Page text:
Lance Hammer‘s feature debut “Ballast” isn’t the first American independent film to leap from laurels in Park City to a prestigious competition slot in Berlin. In 1999, Tony Bui‘s Sundance Grand Jury Prize winner “Three Seasons” went onto the Berlinale contest, while more recently, Joshua Marston‘s “Maria Full of Grace” (2004) and Mike Mills‘ “Thumbsucker” (2005) also made the double-play, winning acclaim at both festivals for their lead actors.
Whether “Ballast” leaves Germany this weekend with additional awards (it won Sundance’s best director and cinematography prizes), the jump from Park City smallfry to world-class international competition entry is a prize in and of itself. But festival accolades are one thing; survival in the marketplace is another. “It’s a beautiful work of art,” said Jonathan Sehring, president of IFC Films, which bought North American rights to “Ballast” shortly after Sundance concluded. “But it’s not necessarily your obvious slam-dunk success,” he added.
Few indies are nowadays. It may not need repeating, but audiences have been increasingly abandoning star-free American art cinema: Most notably, 2007 saw dismal ticket sales for the Sundance breakouts “Great World of Sound” and “Joshua“; in recent years, several American critics-list-toppers — “Great World of Sound, “Keane,” “Old Joy,” “In Between Days,” “Mutual Appreciation,” “Day Night Day Night” — failed to register for moviegoers. It’s no wonder so many American filmmakers quickly flee hardcore indie cinema for the Hollywood specialty divisions.
At Sundance 2008, the buying reflected this wariness: While the studio units fought over the few obvious commercial prospects – the marketable reality-film “American Teen” and dark comedies with recognizable casts (“Hamlet 2,” “Choke“) – Sony Pictures Classics was the only distributor to acquire smaller films during the festival. Magnolia, ThinkFilm, Samuel Goldwyn and even bigger outfits like Lionsgate, Miramax and Picturehouse chose not to take the risk.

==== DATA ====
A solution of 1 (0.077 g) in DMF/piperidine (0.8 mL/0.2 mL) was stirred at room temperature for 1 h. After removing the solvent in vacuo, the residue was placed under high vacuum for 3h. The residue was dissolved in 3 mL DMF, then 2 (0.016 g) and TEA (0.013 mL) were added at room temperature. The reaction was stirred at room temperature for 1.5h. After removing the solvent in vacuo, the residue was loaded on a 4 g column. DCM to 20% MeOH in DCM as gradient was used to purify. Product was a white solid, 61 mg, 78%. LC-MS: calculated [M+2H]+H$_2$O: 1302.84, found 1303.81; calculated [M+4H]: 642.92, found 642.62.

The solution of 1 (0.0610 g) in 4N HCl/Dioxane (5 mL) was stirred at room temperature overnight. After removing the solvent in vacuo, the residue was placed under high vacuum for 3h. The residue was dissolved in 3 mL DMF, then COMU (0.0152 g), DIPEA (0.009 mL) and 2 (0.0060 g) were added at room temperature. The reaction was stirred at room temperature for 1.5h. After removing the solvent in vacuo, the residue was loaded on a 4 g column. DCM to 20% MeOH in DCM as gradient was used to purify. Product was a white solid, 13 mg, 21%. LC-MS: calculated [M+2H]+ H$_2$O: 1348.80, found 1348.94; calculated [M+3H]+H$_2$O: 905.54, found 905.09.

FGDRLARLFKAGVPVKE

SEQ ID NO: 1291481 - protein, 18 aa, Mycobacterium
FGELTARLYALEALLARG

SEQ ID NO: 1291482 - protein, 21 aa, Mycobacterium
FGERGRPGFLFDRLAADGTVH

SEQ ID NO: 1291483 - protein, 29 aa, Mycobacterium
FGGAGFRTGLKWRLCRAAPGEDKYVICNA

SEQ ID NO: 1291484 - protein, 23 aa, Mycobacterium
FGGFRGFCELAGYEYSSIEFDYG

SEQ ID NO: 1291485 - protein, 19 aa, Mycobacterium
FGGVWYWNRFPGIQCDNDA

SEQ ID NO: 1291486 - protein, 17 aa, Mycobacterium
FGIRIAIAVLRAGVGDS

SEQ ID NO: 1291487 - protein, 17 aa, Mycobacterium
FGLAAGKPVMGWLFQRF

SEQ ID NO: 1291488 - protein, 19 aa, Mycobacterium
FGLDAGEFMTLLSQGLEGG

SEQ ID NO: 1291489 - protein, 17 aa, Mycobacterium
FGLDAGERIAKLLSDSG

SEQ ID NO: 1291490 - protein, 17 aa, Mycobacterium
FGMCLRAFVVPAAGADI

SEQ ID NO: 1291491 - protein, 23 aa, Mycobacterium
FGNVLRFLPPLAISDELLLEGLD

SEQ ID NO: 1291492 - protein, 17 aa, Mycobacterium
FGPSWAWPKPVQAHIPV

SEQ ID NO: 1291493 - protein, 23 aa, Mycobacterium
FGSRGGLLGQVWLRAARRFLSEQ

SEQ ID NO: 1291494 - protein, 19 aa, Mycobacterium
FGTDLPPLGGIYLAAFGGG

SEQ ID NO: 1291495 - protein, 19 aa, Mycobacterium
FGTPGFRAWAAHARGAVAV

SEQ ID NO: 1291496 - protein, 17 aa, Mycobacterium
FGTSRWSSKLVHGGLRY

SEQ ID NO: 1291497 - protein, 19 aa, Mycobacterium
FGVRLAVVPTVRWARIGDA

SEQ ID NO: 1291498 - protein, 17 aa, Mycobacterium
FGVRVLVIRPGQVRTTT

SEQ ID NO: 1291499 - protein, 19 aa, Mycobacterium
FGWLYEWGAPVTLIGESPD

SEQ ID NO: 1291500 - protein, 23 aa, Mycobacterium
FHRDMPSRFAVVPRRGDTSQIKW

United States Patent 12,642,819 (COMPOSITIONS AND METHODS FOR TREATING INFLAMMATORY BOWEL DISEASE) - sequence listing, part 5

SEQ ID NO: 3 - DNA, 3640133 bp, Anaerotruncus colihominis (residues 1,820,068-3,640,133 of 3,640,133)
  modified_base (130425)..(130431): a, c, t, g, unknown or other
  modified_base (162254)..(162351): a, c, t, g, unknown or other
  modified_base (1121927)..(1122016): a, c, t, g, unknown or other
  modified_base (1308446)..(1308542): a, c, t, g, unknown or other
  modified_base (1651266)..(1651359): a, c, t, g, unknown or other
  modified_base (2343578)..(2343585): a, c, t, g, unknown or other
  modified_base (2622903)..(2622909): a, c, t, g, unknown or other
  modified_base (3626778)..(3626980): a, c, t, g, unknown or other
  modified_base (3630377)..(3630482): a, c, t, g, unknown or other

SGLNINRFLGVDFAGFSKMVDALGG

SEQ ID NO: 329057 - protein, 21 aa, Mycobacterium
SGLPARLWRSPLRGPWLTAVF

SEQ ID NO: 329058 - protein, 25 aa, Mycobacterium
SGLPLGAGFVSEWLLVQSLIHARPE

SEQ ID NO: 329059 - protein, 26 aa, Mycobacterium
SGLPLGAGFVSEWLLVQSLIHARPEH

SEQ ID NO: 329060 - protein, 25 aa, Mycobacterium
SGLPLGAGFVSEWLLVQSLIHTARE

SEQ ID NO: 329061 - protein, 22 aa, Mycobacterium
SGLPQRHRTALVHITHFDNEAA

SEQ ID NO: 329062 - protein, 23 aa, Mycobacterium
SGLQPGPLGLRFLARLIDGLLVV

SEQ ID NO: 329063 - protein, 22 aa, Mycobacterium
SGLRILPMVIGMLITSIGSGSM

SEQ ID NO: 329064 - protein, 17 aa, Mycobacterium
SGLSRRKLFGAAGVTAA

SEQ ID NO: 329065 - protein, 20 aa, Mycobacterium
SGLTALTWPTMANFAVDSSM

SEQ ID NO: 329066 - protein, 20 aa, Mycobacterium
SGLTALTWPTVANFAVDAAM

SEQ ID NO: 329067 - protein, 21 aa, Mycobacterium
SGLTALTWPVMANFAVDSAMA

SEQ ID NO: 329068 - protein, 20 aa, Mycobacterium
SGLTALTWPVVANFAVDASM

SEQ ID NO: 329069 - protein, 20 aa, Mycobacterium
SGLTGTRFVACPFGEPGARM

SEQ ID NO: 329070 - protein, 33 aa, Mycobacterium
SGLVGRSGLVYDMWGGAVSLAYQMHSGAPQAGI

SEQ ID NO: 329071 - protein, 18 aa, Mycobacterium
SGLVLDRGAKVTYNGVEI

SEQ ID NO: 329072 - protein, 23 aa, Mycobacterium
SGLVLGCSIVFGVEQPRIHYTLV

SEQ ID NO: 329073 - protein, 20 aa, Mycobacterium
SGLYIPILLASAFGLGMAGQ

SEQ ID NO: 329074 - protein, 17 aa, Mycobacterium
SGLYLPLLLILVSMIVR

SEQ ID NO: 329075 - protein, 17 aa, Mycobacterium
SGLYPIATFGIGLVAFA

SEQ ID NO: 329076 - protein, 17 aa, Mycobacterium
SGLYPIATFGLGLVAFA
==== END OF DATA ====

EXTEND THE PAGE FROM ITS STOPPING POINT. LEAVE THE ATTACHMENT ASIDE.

Hammer, a USC architecture graduate who went onto work as an art director in the studio system, while making shorts and writing scripts, says he was fully aware of “how difficult it might be to get the film out into the world,” he told indieWIRE in an email interview from Berlin earlier this week.
“Before I decided to shoot the film, I came to terms with the fact that it might never find distribution,” he continued. “By accepting this fact at the outset, and by realizing that the endeavor would be worthwhile anyway, I was able to proceed without any concern for the marketplace.” He added, “This was essential for the creative process.”
Indeed, Hammer’s results are daring and defiantly non-commercial: Starring three non-professional black actors and set in the bleak, wintry Mississippi landscape, the beautifully rendered “Ballast” feels more at home in a sidebar at the Cannes Film Festival than the hothouse market environs of Sundance. (Fittingly, Hammer developed his vision at Berlin’s 2004 Talent Campus program, where he met “Ballast” cinematographer, the British D.P. Lol Crowley.)
If the film feels more European, that’s where most of its audience may ultimately lie. The fact is there are few U.S. companies operating today that would ever consider taking on “Ballast.” “It’s just not part of their economic model,” said Sehring. Speaking about most of his larger specialty division rivals, Sehring added, “They have to have a movie that’s making $10 million, minimum.”